5 Business Lessons for ASC Physicians

Some physicians are astute when it comes to the business side of running an ambulatory surgery center, but for others, calculating return on investment and creating a marketing strategy takes them out of their comfort zones.

Kristine Mighion, MD, MBA, managing director and CEO of Healthcare Consultants International and host of Intimetv.com’s Healthcare Executive show, and Marion Lee, MD, MBA, Centers for Pain Management in Tifton, Ga., and immediate past president of the Georgia Society of Interventional Pain Physicians, offer five business lessons for ASC physicians.

1. Keep thorough records and look for trends. Keeping complete records not only allows a physician to better understand the operations of a center, from expenses to case mix to cost per procedure, but also helps identify trends and opportunities for improvement.

"Understanding the importance of accounting and record keeping for any business is key," Dr. Mighion says. "That tends to be an area where doctors are not as strong. They don't get tend to be exposed to those concepts, and they don't tend to think that way."
She says physicians should have their ASCs track number of patients, type and quantity of procedures, as well as total revenues and revenue per procedure. They should review the records monthly or quarterly, and look for trends from month to month, quarter to quarter, and year to year. An analysis of these metrics can inform a physician whether the center does a lot of small procedures with lower returns or fewer large procedures with bigger returns, and as a result can help a physician plan the best procedure mix for the future. This analysis can also detect rising expenses and pinpoint exactly where, when and why the increase took place.

2. Keep track of return on investment. Dr. Mighion says this is a method for physicians to determine how long it takes to recoup money invested in their center. To calculate ROI for an investment,, divide the annual amount of money that investment generates by the total amount invested. For example, if a $100,000 investment in a specific project generates an additional $20,000 each year, the ROI is 20 percent. This also means it will take five years for the center to recoup the physician's original investment. A ROI of 20 percent is a good rate and is typical of what venture capitalists and other investors strive to earn on their investments over five years. However, if a center must invested heavily in capital purchases, such as operating room equipment or a new expansion, then it may be reasonable to plan for a lower ROI and a longer time to breakeven on that investment.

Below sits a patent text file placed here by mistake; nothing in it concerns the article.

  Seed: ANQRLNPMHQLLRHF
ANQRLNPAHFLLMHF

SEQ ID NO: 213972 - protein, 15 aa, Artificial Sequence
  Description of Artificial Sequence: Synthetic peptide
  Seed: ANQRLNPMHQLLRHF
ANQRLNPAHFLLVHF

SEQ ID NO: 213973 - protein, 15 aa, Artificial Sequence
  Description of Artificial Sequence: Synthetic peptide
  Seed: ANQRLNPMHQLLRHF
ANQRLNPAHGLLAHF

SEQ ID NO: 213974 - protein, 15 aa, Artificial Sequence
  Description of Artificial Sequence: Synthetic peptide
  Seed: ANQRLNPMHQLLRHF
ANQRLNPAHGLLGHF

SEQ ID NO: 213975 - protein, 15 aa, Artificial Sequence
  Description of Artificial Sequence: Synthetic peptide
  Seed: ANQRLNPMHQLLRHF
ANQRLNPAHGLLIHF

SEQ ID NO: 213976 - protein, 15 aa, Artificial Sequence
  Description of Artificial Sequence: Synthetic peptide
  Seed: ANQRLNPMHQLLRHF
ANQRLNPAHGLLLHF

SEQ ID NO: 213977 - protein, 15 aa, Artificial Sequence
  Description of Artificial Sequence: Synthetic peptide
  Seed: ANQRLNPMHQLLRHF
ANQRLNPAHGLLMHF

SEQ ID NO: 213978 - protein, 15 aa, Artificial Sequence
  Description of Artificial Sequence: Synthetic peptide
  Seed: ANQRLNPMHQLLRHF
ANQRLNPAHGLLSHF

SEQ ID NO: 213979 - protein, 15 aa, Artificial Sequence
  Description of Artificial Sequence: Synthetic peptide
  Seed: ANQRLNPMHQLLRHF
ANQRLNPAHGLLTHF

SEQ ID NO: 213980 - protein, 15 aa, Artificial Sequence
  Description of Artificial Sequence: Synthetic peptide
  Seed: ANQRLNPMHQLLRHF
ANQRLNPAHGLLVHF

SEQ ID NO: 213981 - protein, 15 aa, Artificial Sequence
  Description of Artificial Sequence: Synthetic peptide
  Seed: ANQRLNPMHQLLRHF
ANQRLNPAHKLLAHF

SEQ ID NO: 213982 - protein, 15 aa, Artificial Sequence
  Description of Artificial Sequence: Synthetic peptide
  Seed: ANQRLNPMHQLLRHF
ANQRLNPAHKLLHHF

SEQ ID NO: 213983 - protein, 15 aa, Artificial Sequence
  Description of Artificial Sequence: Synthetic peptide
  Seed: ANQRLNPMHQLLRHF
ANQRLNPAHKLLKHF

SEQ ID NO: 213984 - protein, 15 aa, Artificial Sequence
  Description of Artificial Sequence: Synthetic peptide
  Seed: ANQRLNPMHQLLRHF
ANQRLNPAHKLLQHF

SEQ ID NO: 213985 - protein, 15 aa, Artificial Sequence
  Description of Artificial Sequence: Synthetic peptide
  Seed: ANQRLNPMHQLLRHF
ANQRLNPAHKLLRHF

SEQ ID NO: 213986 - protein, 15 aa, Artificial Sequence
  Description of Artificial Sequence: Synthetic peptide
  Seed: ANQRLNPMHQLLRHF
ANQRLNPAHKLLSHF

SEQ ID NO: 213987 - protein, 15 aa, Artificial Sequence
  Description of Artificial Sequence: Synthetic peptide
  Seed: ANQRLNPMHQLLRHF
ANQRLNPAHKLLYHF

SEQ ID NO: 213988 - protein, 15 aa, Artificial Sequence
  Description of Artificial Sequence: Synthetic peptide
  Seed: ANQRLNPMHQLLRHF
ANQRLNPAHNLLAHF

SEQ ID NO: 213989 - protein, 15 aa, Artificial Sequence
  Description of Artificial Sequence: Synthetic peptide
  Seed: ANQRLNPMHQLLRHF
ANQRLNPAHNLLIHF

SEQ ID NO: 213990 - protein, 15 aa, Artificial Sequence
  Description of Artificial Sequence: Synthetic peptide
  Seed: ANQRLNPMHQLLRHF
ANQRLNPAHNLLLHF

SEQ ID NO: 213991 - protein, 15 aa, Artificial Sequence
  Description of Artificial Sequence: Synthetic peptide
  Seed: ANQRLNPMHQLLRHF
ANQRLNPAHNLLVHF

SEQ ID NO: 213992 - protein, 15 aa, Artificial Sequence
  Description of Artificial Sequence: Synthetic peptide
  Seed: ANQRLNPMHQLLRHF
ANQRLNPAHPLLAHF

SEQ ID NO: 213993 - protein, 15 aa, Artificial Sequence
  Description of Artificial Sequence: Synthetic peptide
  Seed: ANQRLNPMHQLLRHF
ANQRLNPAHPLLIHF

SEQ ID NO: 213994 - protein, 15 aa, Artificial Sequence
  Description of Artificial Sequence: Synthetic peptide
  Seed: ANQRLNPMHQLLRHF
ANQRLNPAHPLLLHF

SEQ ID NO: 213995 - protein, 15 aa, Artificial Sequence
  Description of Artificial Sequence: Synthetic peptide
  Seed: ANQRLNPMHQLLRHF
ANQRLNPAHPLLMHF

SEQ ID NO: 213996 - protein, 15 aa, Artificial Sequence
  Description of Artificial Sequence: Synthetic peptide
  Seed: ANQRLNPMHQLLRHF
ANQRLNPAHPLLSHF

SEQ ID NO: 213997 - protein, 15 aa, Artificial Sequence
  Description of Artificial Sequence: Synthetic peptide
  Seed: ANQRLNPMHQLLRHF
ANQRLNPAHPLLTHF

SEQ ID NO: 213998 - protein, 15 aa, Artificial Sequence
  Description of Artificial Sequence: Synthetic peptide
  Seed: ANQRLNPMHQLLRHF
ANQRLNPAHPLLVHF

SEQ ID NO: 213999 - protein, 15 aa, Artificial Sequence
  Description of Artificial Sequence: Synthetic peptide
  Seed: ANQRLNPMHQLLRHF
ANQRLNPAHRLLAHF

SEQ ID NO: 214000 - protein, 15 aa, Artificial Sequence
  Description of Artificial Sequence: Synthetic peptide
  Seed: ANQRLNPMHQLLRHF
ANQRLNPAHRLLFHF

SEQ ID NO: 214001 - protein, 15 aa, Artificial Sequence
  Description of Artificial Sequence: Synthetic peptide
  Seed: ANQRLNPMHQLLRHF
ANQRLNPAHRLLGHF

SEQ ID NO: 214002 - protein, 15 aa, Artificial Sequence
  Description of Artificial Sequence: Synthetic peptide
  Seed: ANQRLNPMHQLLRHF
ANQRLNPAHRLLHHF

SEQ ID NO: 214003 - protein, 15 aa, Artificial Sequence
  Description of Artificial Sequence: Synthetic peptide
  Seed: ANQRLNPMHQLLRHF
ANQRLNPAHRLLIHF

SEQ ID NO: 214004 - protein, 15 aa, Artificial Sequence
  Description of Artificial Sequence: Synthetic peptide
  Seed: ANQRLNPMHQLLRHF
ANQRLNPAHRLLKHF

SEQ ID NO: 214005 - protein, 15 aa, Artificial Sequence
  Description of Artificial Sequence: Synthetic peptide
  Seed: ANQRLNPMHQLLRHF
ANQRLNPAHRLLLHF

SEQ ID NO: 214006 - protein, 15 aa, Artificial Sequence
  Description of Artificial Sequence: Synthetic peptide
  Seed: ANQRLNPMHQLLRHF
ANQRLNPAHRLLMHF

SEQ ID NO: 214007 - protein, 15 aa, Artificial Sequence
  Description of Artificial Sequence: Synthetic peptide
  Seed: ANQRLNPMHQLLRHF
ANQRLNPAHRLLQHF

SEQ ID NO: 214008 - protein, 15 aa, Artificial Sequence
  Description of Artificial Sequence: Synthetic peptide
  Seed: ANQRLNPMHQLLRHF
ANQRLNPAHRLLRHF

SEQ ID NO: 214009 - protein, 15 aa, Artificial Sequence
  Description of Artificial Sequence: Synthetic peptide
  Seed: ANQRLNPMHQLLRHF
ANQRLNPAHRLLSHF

3. Realize how hard it is to manage people.
Dr. Mighion says the hardest part of running a business, regardless of whether it's an ASC or an ice cream store, is managing staff, but being aware of and acknowledging that challenge can go a long way.

"If you know that, you can set your expectations and hopefully decrease your frustration level that may arise from managing staff," she says.

A critical component of effective management is adopting a 360-degree management style, which means physicians listen to the complaints and suggestions from staff and staff listens to the complaints and suggestions from the physicians, Dr. Lee says. Allowing staff members to have more say in how the center is run is also a great way to motivate them, he says.

While many centers offer bonuses for motivation, getting employees invested in how the center's success goes further for retaining and recruiting the best employees, he says. Asking staff members to solve a problem, such as how to reduce waiting times to get patients into operating rooms, can motivate employees, and the solution is more likely to be implemented compared to when the order comes from the top down.

4. Develop a strategy.
Dr. Mighion says it's important for a center to set goals, develop a strategy for reaching those goals and measure success.

"You can set goals and say this is how we're going to do it, but if you don't know how to measure your success, it's hard to know to what extent you’ve actually succeeded in achieving your goals," she says.

For example, a center might set the goal of getting 100 new patients for a certain procedure by the end of the year. The strategy might be to create a robust marketing plan that targets the right people who are potential patients for that procedure. Success would be determined by whether or not the 100 new patients were obtained, as well as the ROI on that marketing project. Centers should calculate how much money was spent on the marketing plan and how much new revenue came in to see if the plan was successful.

5. Continually market the center. A marketing plan is a specialized part of a center's strategy, Dr. Mighion says. She has seen success with a variety of marketing strategies — including radio, television and print advertisements — and it really comes down to knowing a center's audience and market. For example, if most of a center's patients are older, an Internet-heavy marketing plan might not be the best option, she says. Figuring out who the center should target as possible patients and how, is part of market research, and this can be done in-house if staff has time, or it can be outsourced, she concludes.

Related Articles on ASC Turnarounds:
8 Tricks to Save More Money at Your Surgery Center
10 ASC Must-Reads From the Week of Nov. 14
8 Ways to Involve ASC Physicians in Physician Recruitment

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